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Fabric Prices Stable, but Economy Unsteady

Buyers and vendors setting their itineraries for the second half of the year have positive and negative market indicators to consider.

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As retailers and vendors head out to buy and sell their wares at trade shows and regional markets across the country in the coming weeks and months, they do so with some positive and negative indicators.

The good news for the fashion industry is that the prices of raw materials, from cotton to gasoline, have dropped or stabilized and is expected to stay that way through the second half of the year. The bad news is that economists generally forecast the pace of economic growth will continue to moderate, which was underscored by signs of weaker growth in some leading indicators in May.

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Last year’s near panic over historically high cotton prices, and concurrent hikes in synthetic fiber costs have been replaced by prices dropping back to long-term norms and expert predictions of near-term stability. Cotton Incorporated’s May Economic Report noted that cotton prices moved lower over the past month and fell sharply with the release of the U.S. Department of Agriculture’s May report. The July New York futures contract fell from 93 cents a pound in late April to below 82 cents a pound. The December 2012 contract, which is important since it reflects price expectations following the upcoming harvest, fell below 80 cents a pound, the report said. The A Index, which had been holding to a tight range around $1 a pound, dropped below 95 cents to its lowest values of the 2012 calendar year.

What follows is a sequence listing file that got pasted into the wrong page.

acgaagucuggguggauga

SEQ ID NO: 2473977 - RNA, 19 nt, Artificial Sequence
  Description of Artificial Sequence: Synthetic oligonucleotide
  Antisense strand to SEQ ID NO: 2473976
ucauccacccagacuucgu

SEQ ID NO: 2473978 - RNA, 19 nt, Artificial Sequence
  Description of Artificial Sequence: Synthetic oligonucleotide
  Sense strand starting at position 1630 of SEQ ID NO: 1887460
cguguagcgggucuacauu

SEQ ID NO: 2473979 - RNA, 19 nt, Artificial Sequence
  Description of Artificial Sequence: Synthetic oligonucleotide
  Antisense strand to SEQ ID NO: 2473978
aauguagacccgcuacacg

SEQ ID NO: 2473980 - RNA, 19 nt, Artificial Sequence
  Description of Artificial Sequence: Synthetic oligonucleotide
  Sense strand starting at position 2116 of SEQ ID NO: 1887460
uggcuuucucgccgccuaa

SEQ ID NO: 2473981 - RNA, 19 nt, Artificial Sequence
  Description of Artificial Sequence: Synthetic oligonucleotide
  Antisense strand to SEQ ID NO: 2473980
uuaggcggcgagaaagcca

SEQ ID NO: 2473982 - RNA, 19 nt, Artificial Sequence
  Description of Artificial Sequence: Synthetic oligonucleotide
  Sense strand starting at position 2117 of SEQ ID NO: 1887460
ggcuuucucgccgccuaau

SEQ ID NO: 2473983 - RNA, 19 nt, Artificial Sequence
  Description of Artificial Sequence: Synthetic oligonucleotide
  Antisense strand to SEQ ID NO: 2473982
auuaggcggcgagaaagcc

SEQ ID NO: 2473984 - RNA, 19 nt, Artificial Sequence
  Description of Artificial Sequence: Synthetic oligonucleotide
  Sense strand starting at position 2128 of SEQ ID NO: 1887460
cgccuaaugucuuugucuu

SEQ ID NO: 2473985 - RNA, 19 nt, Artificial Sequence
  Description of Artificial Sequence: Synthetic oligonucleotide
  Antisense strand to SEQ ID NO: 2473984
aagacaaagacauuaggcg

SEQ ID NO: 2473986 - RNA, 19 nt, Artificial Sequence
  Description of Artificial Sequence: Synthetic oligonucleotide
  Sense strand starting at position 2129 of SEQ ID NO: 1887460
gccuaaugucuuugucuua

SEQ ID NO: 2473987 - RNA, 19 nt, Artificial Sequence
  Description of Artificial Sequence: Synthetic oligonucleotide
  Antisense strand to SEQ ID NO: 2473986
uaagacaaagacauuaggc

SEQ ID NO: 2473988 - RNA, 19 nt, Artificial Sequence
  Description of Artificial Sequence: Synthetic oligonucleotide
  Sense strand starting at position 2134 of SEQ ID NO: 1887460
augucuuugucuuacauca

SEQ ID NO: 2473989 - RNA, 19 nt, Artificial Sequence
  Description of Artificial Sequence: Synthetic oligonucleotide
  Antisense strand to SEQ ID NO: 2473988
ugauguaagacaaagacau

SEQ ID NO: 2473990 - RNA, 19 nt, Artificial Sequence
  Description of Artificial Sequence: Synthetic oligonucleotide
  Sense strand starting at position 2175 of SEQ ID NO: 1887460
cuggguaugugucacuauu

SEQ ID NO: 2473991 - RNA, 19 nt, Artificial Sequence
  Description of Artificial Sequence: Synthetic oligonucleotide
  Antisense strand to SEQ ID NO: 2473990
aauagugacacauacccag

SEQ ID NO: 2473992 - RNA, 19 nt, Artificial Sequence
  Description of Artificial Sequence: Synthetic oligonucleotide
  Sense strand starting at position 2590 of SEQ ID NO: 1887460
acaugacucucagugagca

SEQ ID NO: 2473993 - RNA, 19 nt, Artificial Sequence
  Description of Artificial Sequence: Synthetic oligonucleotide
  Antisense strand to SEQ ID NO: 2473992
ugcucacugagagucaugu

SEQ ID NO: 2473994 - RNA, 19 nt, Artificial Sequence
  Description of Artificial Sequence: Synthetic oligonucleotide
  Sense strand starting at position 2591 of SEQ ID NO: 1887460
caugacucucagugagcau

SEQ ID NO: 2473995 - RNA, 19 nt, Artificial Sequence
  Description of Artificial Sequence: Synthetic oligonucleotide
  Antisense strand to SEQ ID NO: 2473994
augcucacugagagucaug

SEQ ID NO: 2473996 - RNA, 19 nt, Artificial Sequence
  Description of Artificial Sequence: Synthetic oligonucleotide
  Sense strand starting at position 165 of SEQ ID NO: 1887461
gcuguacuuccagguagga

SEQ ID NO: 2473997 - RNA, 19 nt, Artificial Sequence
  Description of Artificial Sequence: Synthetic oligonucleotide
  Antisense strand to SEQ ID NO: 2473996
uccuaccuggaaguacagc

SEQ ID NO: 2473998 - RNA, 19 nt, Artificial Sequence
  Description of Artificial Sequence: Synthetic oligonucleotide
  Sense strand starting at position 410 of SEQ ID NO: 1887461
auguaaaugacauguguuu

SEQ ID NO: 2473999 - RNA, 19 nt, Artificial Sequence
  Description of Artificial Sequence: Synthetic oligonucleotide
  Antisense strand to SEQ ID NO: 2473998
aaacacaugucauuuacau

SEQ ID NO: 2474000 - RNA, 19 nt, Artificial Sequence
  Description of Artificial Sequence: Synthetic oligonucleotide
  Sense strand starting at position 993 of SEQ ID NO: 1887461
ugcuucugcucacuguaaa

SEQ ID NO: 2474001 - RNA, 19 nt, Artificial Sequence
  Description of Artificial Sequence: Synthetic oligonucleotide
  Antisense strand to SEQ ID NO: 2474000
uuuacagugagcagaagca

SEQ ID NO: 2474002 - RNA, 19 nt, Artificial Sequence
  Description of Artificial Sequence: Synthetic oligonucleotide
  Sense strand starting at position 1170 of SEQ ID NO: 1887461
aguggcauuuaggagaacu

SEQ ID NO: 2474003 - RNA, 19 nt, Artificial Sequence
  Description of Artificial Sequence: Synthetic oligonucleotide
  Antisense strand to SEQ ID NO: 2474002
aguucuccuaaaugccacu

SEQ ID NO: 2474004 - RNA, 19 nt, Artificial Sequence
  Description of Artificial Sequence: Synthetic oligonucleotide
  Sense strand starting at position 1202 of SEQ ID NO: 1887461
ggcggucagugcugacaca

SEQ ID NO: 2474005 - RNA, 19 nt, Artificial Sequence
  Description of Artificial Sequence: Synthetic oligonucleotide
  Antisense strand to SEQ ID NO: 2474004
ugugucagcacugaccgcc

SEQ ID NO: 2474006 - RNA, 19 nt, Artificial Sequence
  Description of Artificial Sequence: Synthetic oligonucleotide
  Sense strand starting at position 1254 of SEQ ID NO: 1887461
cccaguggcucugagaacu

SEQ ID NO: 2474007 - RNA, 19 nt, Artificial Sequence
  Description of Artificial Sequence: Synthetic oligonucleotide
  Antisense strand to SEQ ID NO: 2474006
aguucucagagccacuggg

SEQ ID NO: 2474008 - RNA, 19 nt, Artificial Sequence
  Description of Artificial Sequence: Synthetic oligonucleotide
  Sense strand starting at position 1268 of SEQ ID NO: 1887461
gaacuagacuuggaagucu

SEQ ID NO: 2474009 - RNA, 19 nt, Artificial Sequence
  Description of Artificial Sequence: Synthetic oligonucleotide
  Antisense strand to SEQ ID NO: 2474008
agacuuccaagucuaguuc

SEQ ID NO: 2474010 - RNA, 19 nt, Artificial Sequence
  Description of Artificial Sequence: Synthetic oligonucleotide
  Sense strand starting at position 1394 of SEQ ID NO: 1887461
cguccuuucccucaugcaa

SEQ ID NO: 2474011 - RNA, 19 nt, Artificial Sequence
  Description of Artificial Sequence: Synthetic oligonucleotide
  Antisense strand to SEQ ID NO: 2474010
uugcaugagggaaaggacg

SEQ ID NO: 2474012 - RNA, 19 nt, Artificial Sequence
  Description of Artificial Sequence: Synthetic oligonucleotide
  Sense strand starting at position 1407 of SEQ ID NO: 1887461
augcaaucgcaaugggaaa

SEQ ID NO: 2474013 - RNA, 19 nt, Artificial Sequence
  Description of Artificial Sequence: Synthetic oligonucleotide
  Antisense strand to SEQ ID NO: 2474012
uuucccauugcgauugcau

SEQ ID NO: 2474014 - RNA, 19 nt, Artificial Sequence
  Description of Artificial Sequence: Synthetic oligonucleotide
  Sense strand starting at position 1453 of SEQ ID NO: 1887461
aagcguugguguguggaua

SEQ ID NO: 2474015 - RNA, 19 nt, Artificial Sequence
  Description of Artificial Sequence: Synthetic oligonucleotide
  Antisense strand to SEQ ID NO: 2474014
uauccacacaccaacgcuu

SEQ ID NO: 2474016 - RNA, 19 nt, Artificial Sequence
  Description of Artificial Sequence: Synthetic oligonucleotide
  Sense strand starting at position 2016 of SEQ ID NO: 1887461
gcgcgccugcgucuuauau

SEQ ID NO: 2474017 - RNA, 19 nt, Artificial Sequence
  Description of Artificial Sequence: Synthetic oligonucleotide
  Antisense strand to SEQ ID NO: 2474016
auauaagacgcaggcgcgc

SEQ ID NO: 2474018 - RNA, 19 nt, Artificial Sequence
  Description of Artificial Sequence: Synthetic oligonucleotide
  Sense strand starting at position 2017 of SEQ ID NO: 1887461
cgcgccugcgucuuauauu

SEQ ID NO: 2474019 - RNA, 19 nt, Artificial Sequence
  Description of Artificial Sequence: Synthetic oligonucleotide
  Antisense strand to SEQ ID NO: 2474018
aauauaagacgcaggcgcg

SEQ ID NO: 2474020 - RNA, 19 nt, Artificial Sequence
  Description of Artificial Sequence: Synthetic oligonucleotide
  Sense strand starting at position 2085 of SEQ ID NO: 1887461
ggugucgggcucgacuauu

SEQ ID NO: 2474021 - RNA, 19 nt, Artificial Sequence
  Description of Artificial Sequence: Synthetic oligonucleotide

“A variety of reasons could be behind the decreases, including India’s elimination of restrictions on fiber exports, rain in West Texas and less positive economic data in the U.S. and Europe, all of which suggest loosening fundamentals,” Cotton Inc. said.

The USDA report indicated that supplies will continue to be plentiful in 2012-13. The USDA expects ending stocks to swell another 6.9 million bales to 73.7 million bales. This record volume of ending stocks is expected to produce a record stocks-to-use ratio, with a 67.1 percent rise.

Cotton Inc. said recent increases in world cotton supply can be seen as a product of market forces resulting from the spike in prices that occurred in 2010-11. Prices peaked last spring in excess of $2 a pound, coincident with planting decisions for Northern Hemisphere countries. This led to both record cotton acreage and a record cotton harvest in the 2011-12 crop year. High prices also caused a reduction in demand. In 2012-13, the effects of 2010-11 prices on the global supply and demand situation are expected to begin to diminish. World production is expected to decline 5.2 percent and global economic growth and recovery of market share relative to synthetic fibers are expected to bring world cotton consumption 3.3 percent higher.

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At the country level, the largest production decreases are forecast to take place in China, India and Brazil. Among major producers, only the U.S. is expected to harvest more cotton in 2012-13, although U.S. acreage is expected to decrease, and the forecast increase in production is a result of expected improvement in growing conditions.

The report noted that “uncertainty remains a feature of the cotton market.”

Polyester prices also peaked last spring as demand increased and supply was pressured. Polyester staple reached 99.5 cents a pound and polyester filament topped out at 88 cents a pound. Prices have since backed off to 83.5 cents a pound for staple and 72.5 percent for filament.

Bill Jasper, chairman and chief executive officer of Unifi Inc., in a conference call discussing third-quarter results for the Greensboro, N.C.-based manufacturer of multifilament polyester and textured nylon yarns, said, “Polyester raw material prices at historic highs, a strong Brazilian real and high apparel supply-chain inventories and their destocking combined to make the first half of our 2012 fiscal year difficult. We did see an improving trend through the March quarter as all these factors improved and we have seen growth in regional shipments of U.S. apparel sales. We expect this positive trend to continue through the June quarter and into the next fiscal year 2013.”